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Won't be surprised if Dominic Thiem wins 5 to 10 Slams in the next 5 years: Ex-coach Gunter Bresnik

Dominic Thiem with coach Gunter Bresnik at the Barclays ATP World Tour Finals.
Dominic Thiem with coach Gunter Bresnik at the Barclays ATP World Tour Finals.
Modified 15 Sep 2020, 20:26 IST

This past weekend, Dominic Thiem won his first Grand Slam title at the US Open in New York at 27 years of age. In recent decades, very few players who have won their first Grand Slam title after the age of 24 have gone on to become multiple Grand Slam champions. 

Czech Ivan Lendl won his first Major at the age of 24 at the 1984 French Open and went on to win seven more Grand Slams. Pat Rafter was 24 when he won his first Slam, and then won one more.

Andy Murray was 25 when he won his first at the 2012 US Open and has two more Majors. Stan Wawrinka meanwhile was 28 when he won the 2014 Australian Open and has three Majors in all too (both Murray and Wawrinka are still active and capable of adding to that count).

Given this context, Gunter Bresnik, Dominic Thiem’s former long-time coach, has some high expectations from the Austrian - but expectations that surely could be achieved.

Dominic Thiem is the guy since 2016 who deserves a Slam the most: Bresnik

In an interview with the New York Times, Bresnik said he would not be surprised if Dominic Thiem went on to win 5 to 10 Slams in the next five years.

“You might think winning your first title at 27 is really late. But I’ve said for 10 years, the best time for a tennis player today is between 26 and 33. If Dominic Thiem wins five to ten Grand Slam titles in the next five years, I honestly would not be surprised,” Bresnik said.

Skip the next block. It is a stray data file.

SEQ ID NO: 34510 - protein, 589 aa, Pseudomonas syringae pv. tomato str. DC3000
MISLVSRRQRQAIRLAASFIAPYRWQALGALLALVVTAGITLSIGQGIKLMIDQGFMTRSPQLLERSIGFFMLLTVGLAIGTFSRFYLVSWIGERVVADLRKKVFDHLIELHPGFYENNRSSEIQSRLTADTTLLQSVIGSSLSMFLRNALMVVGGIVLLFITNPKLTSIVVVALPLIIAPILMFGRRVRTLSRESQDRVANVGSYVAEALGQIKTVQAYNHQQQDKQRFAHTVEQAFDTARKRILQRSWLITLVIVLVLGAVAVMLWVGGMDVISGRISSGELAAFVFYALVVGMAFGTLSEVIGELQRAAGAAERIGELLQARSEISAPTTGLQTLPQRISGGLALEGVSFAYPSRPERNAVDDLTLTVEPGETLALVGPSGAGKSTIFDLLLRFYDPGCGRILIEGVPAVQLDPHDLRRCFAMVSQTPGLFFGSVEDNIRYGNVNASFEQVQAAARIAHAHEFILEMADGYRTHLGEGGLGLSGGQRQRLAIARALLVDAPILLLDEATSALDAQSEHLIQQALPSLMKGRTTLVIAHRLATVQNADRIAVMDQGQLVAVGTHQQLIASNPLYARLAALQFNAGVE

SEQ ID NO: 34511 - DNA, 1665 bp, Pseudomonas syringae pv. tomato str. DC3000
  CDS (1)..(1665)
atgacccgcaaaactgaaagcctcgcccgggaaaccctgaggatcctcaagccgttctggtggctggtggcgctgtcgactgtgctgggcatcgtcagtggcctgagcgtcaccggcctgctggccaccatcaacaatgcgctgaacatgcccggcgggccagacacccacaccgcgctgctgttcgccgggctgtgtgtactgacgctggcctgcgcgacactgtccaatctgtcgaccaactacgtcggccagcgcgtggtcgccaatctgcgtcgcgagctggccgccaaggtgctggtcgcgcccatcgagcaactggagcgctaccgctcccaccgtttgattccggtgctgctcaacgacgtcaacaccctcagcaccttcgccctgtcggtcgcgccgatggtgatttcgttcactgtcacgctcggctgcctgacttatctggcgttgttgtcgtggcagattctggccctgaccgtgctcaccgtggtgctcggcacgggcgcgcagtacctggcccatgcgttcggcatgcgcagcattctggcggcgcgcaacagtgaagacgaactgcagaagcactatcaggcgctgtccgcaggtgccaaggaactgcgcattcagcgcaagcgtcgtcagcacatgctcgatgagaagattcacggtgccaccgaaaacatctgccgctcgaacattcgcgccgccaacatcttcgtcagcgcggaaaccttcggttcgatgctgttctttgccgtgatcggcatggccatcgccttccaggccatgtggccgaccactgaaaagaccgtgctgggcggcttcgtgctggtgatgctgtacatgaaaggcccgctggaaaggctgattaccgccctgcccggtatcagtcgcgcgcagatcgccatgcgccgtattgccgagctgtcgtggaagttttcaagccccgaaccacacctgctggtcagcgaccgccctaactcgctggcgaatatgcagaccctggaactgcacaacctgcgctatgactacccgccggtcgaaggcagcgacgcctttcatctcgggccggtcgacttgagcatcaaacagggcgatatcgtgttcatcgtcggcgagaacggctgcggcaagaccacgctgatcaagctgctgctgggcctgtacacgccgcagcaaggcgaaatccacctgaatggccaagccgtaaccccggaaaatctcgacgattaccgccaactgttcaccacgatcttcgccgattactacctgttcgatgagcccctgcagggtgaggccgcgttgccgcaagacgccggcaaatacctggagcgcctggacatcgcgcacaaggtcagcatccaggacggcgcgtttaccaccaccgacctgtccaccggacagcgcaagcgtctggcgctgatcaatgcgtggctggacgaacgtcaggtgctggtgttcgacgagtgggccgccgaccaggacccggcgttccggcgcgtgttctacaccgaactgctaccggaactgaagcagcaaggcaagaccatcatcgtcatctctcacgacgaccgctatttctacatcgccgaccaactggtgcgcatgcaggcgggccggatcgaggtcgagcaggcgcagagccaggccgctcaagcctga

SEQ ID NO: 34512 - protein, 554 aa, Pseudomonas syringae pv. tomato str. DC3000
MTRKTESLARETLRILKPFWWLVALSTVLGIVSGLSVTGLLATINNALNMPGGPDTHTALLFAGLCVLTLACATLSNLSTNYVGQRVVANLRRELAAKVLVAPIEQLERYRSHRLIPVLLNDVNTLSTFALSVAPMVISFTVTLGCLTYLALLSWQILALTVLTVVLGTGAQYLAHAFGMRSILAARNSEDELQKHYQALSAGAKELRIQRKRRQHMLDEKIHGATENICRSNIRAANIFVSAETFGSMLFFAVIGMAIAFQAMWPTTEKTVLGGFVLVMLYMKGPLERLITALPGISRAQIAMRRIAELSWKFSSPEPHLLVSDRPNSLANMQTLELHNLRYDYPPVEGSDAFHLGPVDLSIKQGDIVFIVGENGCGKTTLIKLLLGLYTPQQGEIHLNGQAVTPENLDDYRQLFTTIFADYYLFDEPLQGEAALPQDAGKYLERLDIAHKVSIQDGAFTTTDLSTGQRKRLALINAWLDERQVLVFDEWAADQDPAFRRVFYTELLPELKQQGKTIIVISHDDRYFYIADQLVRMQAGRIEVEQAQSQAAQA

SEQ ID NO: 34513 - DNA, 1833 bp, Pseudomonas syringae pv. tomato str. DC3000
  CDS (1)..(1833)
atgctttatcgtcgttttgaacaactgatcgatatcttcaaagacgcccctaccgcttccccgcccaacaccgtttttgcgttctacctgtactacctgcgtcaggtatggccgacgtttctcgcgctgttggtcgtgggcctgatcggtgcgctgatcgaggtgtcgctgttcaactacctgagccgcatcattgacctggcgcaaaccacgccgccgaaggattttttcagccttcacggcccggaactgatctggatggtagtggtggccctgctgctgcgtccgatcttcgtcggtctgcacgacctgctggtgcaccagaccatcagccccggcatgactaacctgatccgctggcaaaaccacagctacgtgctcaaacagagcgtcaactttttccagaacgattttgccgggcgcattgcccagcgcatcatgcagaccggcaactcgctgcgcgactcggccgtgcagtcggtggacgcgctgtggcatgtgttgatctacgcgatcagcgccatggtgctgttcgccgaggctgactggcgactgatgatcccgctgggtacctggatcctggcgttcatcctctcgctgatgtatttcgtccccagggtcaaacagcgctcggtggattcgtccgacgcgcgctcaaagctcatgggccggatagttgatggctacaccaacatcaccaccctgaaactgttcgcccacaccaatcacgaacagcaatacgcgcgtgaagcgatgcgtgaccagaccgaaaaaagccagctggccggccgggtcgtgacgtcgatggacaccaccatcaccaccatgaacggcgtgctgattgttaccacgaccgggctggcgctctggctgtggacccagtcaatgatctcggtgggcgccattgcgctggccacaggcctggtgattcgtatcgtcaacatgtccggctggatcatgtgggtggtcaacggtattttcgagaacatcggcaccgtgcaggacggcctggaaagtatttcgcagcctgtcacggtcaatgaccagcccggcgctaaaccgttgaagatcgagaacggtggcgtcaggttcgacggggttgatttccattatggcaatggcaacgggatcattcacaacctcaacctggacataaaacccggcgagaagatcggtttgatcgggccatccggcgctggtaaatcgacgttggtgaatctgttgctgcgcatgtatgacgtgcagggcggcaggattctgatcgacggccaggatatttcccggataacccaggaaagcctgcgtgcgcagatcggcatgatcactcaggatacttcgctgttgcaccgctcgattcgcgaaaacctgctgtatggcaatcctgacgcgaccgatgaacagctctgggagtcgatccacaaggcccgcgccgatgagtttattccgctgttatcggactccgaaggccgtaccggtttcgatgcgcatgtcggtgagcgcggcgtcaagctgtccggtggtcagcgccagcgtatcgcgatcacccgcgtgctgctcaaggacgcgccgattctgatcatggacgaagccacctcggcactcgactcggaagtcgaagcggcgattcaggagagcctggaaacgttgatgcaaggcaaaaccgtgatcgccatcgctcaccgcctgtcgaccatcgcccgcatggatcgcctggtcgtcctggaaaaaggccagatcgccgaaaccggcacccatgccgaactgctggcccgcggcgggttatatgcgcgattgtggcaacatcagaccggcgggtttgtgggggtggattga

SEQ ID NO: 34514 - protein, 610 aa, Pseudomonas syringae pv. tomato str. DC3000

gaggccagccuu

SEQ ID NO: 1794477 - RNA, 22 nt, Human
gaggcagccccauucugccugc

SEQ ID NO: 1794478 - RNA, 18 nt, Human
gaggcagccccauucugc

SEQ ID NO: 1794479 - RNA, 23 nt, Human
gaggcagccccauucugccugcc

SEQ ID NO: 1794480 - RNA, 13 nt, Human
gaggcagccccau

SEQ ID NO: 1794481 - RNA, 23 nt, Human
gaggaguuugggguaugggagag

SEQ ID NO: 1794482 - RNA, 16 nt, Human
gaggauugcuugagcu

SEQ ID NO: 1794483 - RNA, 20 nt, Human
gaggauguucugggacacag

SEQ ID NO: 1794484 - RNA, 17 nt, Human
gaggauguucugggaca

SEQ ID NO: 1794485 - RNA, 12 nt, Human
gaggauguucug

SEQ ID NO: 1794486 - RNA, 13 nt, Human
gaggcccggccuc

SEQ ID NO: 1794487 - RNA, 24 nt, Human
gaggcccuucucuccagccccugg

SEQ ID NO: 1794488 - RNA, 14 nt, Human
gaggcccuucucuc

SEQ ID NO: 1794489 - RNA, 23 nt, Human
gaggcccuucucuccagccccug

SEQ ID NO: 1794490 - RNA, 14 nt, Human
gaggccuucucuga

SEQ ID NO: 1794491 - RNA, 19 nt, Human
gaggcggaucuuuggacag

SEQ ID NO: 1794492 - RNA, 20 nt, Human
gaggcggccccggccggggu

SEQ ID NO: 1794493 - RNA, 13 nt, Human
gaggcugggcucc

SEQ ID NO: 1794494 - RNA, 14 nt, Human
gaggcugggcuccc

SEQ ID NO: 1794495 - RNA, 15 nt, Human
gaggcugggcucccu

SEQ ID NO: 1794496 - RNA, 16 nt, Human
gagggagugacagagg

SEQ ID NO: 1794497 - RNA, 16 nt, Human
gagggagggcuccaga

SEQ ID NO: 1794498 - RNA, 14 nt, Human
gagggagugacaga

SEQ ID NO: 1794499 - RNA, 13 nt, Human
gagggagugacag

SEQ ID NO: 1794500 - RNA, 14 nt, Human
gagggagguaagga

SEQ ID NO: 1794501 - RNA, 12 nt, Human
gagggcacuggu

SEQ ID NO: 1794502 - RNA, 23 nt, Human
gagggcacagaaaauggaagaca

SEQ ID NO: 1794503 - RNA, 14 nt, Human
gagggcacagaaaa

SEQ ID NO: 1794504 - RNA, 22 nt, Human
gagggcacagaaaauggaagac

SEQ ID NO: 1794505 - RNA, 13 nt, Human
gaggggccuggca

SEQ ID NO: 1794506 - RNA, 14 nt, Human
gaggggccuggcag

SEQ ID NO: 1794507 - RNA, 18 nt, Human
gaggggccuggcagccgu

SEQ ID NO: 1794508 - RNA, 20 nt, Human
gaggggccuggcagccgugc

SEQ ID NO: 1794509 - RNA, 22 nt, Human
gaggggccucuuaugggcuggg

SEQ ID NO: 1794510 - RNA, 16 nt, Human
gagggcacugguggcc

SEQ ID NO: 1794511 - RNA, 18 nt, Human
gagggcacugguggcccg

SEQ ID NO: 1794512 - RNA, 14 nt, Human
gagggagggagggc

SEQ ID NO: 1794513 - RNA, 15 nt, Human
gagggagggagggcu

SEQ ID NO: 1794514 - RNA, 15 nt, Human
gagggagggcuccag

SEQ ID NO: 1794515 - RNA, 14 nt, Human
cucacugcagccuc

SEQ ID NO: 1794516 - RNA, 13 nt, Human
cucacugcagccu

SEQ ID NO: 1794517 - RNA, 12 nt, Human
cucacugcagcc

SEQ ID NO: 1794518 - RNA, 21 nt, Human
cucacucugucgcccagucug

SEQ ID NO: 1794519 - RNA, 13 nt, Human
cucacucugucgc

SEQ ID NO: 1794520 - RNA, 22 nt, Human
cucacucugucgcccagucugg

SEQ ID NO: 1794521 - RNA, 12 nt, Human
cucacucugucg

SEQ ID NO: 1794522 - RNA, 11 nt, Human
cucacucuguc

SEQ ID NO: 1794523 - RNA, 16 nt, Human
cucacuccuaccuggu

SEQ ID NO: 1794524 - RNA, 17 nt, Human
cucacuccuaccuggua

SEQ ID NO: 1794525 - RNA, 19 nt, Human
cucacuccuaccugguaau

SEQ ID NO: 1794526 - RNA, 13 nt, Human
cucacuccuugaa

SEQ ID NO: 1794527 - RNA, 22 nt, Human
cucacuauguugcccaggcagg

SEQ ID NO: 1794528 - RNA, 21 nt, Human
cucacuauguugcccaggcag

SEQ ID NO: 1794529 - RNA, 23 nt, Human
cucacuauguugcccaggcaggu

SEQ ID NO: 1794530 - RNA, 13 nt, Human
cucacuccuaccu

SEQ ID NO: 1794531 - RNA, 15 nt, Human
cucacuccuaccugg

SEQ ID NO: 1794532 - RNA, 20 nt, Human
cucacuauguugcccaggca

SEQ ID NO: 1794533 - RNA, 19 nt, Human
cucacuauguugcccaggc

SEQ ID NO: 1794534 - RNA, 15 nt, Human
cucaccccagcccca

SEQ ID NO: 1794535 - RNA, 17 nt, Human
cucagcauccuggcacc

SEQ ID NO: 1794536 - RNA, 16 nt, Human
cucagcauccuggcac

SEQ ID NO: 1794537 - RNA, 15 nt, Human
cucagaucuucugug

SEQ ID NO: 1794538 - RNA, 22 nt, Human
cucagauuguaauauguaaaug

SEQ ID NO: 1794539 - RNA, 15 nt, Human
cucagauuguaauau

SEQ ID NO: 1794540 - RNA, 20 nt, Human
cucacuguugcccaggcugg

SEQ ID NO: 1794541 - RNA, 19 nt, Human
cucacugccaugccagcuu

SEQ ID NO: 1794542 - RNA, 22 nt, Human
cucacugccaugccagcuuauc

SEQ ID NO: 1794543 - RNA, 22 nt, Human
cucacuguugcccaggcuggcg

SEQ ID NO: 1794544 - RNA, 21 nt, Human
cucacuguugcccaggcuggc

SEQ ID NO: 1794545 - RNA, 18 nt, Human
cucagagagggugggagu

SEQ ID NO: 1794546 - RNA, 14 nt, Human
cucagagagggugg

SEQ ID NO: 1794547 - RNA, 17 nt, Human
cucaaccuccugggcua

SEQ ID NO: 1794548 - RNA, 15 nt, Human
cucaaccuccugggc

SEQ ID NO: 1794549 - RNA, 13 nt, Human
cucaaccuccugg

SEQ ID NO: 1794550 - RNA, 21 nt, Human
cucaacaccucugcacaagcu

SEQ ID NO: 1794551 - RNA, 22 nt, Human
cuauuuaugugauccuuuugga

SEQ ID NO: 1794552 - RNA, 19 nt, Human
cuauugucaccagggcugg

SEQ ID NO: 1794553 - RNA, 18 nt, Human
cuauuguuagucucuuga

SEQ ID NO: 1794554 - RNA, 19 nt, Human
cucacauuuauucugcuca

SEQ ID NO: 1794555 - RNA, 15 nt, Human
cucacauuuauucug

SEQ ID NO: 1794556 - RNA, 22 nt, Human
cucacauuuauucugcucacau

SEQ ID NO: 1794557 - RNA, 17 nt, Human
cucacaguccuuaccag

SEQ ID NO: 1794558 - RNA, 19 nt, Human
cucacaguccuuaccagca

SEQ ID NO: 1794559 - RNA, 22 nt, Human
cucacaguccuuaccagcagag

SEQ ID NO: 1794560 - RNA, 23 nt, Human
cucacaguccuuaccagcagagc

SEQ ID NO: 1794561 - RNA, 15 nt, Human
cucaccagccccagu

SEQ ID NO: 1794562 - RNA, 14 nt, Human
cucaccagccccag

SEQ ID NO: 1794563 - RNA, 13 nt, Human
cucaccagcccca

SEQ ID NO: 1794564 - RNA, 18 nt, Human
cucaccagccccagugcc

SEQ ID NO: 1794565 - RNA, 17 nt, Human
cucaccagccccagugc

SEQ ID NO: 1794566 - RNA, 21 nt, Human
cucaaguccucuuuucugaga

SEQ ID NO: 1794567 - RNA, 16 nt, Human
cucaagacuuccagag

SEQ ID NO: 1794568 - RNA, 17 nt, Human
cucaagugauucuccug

Dominic Thiem came from two sets to love down on Sunday to win 2-6, 4-6, 6-4, 6-3, 7-6 (8/6) against his 23-year-old friend Alexander Zverev.

While many criticised the level of play of the final, it was not at all surprising given that the tennis circuit was shut for five months until early August. Another important factor was that both players were gunning for their first Grand Slam singles title, so were understandably nervous.

Dominic Thiem (L) and Alexander Zverev
Dominic Thiem (L) and Alexander Zverev
"The level of the match was for me one of the worst finals I saw in my life. But it was two young players trying to do something they’d never done before in their lives. For me, the better technique lasts the longest in a match, and Dominic Thiem has the better technique and is the guy since 2016 who deserves the Grand Slam title the most whenever the Big Three guys were not in the picture anymore," Bresnik added.

Dominic Thiem will now head to the French Open with the Grand Slam monkey off his back. Bresnik believes that the switch to clay, where the Austrian has had a lot of success in the past - including reaching two French Open finals - should not be a problem. 

“For Dominic to move from any surface to clay, I would say it takes half an hour. He’s so used to it,” Bresnik went on.
Published 15 Sep 2020, 20:04 IST
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